Fri Oct 21 22:26:28 CAT 2016

New municipal tax is described as unethcal'

By Khulukani Mazibuko | Jan 26, 2010 | COMMENTS [ 0 ]

THE Independent Schools Association of South Africa has described the move by the eThekwini municipality to categorise private schools as commercial and businesses as "unethical".

The municipality has re-leased a statement informing the public about a new law, which states that private schools are now eligible to pay rates.

Isasa deputy chairperson Henry Bennett said they were also considering legal action.

"In principle we believe that no school should have to pay rates, whether public or private, because education is a national priority affecting the national economic policy."

Bennett said since schools were now required to pay rates the municipality should take into account that the majority of schools were not for profit but public benefit organisations and charge on that basis.

He also questioned the rebate offered by the municipality and said the schools would end up paying more.

According to eThekwini municipality the new law states that the schools are regarded as newly rateable and the rates are phased in over a period of four years.

A 100percent rebate was granted in the year 2008-09 and 87,5percent granted for 2009-10.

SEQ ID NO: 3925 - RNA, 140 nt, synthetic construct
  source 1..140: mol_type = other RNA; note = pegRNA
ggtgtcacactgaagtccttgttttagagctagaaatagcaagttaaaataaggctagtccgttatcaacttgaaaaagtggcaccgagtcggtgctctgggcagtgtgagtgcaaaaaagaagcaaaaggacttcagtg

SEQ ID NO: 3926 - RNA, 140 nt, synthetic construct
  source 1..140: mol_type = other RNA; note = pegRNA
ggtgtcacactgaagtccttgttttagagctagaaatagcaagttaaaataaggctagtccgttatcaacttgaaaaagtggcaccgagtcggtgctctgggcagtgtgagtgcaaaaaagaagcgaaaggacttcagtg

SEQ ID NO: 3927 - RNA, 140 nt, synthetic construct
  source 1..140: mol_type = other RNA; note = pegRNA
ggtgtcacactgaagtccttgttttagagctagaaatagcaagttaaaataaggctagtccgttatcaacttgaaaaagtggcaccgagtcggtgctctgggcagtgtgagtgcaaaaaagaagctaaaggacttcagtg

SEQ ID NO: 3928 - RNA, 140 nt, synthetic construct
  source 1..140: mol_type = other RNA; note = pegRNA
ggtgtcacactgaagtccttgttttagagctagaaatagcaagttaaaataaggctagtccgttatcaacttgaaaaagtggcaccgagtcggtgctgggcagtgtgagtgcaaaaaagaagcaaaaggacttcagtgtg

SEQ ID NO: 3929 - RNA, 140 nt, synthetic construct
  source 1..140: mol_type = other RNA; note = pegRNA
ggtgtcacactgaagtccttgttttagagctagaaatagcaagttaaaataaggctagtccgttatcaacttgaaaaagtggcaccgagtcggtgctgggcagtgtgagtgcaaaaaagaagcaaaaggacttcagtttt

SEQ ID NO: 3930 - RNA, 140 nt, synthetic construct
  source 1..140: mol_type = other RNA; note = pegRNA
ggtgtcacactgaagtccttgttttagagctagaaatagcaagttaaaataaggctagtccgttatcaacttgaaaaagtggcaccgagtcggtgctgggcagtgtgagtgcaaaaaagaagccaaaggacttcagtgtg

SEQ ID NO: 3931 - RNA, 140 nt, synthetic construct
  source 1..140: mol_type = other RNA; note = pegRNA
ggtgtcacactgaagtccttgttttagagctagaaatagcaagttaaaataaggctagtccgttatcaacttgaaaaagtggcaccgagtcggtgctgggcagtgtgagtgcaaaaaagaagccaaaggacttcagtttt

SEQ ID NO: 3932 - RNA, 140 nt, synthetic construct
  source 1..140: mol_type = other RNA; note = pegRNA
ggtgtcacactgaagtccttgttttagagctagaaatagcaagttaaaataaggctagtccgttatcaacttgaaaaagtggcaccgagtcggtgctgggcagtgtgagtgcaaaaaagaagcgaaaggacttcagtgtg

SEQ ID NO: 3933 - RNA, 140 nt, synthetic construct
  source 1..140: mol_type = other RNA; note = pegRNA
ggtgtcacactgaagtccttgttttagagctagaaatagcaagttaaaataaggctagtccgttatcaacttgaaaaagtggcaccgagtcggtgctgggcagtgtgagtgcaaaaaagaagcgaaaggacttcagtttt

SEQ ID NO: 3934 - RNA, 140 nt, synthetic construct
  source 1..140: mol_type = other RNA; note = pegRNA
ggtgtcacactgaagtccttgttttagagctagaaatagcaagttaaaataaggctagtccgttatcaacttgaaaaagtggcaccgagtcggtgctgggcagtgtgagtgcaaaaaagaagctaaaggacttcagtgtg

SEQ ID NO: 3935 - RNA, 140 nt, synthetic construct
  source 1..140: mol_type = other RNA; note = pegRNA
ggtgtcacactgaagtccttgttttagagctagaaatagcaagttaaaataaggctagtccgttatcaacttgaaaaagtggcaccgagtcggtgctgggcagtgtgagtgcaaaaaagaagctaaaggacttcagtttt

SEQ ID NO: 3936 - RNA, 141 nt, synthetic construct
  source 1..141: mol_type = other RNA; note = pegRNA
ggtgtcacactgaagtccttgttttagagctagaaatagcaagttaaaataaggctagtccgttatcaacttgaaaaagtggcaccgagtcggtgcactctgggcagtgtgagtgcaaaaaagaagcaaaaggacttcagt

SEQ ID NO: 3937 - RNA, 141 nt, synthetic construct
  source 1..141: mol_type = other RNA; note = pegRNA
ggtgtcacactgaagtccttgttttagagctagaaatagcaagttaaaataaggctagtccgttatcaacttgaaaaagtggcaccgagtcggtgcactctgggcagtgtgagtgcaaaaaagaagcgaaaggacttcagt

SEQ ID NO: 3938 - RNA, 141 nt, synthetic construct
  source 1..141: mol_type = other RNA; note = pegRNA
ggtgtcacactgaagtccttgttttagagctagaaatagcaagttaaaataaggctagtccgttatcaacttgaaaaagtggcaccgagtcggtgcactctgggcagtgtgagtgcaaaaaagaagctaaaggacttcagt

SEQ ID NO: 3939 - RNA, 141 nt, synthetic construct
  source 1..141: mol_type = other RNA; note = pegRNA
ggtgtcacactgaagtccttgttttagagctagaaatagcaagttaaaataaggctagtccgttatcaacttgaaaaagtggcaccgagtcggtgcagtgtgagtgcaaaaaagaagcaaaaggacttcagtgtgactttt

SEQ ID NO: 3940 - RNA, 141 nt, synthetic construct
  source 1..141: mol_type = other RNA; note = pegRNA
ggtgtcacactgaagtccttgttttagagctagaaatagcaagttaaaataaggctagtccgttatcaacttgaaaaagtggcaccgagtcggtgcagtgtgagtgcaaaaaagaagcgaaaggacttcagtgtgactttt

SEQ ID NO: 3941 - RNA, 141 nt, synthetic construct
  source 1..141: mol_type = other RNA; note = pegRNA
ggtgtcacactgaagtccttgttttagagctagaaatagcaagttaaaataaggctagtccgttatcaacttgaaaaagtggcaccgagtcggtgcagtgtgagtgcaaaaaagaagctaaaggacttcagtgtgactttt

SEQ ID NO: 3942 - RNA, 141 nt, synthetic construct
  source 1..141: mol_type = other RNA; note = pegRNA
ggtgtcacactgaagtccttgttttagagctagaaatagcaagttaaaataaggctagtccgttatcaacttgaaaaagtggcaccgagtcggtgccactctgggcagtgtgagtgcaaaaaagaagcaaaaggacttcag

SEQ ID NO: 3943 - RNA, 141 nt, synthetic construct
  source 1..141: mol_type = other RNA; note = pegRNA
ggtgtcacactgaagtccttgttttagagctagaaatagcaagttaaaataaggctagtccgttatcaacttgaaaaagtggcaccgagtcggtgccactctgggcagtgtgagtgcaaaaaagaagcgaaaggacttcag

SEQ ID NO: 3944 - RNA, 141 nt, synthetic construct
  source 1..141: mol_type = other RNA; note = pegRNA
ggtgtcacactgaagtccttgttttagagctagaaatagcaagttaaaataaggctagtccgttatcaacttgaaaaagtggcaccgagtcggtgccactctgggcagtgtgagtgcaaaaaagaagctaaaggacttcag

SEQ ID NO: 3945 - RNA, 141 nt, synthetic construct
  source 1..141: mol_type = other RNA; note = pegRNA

In the following financial year the schools would receive a 50percent rebate, the statement said.

Bennett rejected this saying: "One cannot be given a rebate after not having paid rates and taxes before. This is the phasing in for properties.

"In years to come, schools will be paying more than they had anticipated," he said.

Bennett said they had challenged the municipality nationally. They had also lodged complaints with the Department of Co-operative Governance and Traditional Affairs and the SA Local Government Association.

He said discussions that have taken place with the two entities had been positive and he was sure a resolution would be found.

"If we do win our case the municipality will be required to lower the rates taxes to public benefiting organisation," he said.


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